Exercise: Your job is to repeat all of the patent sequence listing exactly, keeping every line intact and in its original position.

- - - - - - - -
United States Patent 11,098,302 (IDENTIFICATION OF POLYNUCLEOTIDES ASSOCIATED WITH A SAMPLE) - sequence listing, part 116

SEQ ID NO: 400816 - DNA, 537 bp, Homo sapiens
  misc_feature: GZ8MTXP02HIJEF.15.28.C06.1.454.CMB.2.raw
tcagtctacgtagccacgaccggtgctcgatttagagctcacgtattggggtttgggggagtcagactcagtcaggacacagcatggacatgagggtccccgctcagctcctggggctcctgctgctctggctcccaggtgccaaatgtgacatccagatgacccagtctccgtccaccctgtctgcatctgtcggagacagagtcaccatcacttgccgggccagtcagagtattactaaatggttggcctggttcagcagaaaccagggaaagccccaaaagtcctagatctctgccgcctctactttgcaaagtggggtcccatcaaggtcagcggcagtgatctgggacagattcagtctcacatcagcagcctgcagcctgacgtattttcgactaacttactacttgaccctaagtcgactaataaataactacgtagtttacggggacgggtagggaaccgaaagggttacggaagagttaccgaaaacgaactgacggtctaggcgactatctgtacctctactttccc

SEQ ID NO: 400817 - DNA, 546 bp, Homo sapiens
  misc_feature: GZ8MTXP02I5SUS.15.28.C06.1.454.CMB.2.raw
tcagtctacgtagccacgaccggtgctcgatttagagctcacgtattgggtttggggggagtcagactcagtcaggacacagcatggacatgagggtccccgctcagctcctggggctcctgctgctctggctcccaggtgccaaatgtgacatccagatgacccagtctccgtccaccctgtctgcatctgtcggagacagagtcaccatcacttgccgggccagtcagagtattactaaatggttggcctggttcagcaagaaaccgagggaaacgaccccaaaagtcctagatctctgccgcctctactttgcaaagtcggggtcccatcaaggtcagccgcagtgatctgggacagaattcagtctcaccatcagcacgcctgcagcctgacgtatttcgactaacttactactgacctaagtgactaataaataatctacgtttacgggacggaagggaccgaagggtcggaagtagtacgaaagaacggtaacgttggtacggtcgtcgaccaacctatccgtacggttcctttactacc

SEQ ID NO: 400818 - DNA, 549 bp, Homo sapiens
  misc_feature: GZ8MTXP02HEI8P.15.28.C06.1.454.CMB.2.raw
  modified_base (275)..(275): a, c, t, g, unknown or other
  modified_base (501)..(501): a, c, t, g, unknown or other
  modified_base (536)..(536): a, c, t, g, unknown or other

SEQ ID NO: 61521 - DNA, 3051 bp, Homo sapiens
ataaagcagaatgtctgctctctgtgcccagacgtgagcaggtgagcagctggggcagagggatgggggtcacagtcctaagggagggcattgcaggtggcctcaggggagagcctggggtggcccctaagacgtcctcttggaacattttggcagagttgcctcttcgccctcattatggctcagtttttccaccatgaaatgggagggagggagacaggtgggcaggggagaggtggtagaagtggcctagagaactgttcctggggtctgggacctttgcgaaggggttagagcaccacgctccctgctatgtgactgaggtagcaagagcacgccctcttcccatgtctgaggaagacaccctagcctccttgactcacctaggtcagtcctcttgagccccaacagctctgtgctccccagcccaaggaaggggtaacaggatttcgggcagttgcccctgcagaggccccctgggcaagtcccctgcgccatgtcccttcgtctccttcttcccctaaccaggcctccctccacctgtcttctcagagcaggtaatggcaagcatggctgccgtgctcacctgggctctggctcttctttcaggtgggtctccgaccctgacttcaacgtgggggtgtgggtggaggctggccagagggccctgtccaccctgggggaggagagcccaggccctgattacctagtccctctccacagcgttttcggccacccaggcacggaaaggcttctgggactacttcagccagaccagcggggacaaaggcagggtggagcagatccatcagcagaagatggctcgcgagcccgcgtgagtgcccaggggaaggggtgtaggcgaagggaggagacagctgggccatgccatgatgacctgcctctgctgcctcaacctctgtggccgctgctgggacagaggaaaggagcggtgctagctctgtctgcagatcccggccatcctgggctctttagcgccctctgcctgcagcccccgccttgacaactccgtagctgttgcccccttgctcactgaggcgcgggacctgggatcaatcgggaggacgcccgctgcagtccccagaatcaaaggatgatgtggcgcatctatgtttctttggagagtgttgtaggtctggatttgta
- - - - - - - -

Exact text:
United States Patent 11,098,302 (IDENTIFICATION OF POLYNUCLEOTIDES ASSOCIATED WITH A SAMPLE) - sequence listing, part 116

SEQ ID NO: 400816 - DNA, 537 bp, Homo sapiens
  misc_feature: GZ8MTXP02HIJEF.15.28.C06.1.454.CMB.2.raw
tcagtctacgtagccacgaccggtgctcgatttagagctcacgtattggggtttgggggagtcagactcagtcaggacacagcatggacatgagggtccccgctcagctcctggggctcctgctgctctggctcccaggtgccaaatgtgacatccagatgacccagtctccgtccaccctgtctgcatctgtcggagacagagtcaccatcacttgccgggccagtcagagtattactaaatggttggcctggttcagcagaaaccagggaaagccccaaaagtcctagatctctgccgcctctactttgcaaagtggggtcccatcaaggtcagcggcagtgatctgggacagattcagtctcacatcagcagcctgcagcctgacgtattttcgactaacttactacttgaccctaagtcgactaataaataactacgtagtttacggggacgggtagggaaccgaaagggttacggaagagttaccgaaaacgaactgacggtctaggcgactatctgtacctctactttccc

SEQ ID NO: 400817 - DNA, 546 bp, Homo sapiens
  misc_feature: GZ8MTXP02I5SUS.15.28.C06.1.454.CMB.2.raw
tcagtctacgtagccacgaccggtgctcgatttagagctcacgtattgggtttggggggagtcagactcagtcaggacacagcatggacatgagggtccccgctcagctcctggggctcctgctgctctggctcccaggtgccaaatgtgacatccagatgacccagtctccgtccaccctgtctgcatctgtcggagacagagtcaccatcacttgccgggccagtcagagtattactaaatggttggcctggttcagcaagaaaccgagggaaacgaccccaaaagtcctagatctctgccgcctctactttgcaaagtcggggtcccatcaaggtcagccgcagtgatctgggacagaattcagtctcaccatcagcacgcctgcagcctgacgtatttcgactaacttactactgacctaagtgactaataaataatctacgtttacgggacggaagggaccgaagggtcggaagtagtacgaaagaacggtaacgttggtacggtcgtcgaccaacctatccgtacggttcctttactacc

SEQ ID NO: 400818 - DNA, 549 bp, Homo sapiens
  misc_feature: GZ8MTXP02HEI8P.15.28.C06.1.454.CMB.2.raw
  modified_base (275)..(275): a, c, t, g, unknown or other
  modified_base (501)..(501): a, c, t, g, unknown or other
  modified_base (536)..(536): a, c, t, g, unknown or other

SEQ ID NO: 61521 - DNA, 3051 bp, Homo sapiens
ataaagcagaatgtctgctctctgtgcccagacgtgagcaggtgagcagctggggcagagggatgggggtcacagtcctaagggagggcattgcaggtggcctcaggggagagcctggggtggcccctaagacgtcctcttggaacattttggcagagttgcctcttcgccctcattatggctcagtttttccaccatgaaatgggagggagggagacaggtgggcaggggagaggtggtagaagtggcctagagaactgttcctggggtctgggacctttgcgaaggggttagagcaccacgctccctgctatgtgactgaggtagcaagagcacgccctcttcccatgtctgaggaagacaccctagcctccttgactcacctaggtcagtcctcttgagccccaacagctctgtgctccccagcccaaggaaggggtaacaggatttcgggcagttgcccctgcagaggccccctgggcaagtcccctgcgccatgtcccttcgtctccttcttcccctaaccaggcctccctccacctgtcttctcagagcaggtaatggcaagcatggctgccgtgctcacctgggctctggctcttctttcaggtgggtctccgaccctgacttcaacgtgggggtgtgggtggaggctggccagagggccctgtccaccctgggggaggagagcccaggccctgattacctagtccctctccacagcgttttcggccacccaggcacggaaaggcttctgggactacttcagccagaccagcggggacaaaggcagggtggagcagatccatcagcagaagatggctcgcgagcccgcgtgagtgcccaggggaaggggtgtaggcgaagggaggagacagctgggccatgccatgatgacctgcctctgctgcctcaacctctgtggccgctgctgggacagaggaaaggagcggtgctagctctgtctgcagatcccggccatcctgggctctttagcgccctctgcctgcagcccccgccttgacaactccgtagctgttgcccccttgctcactgaggcgcgggacctgggatcaatcgggaggacgcccgctgcagtccccagaatcaaaggatgatgtggcgcatctatgtttctttggagagtgttgtaggtctggatttgta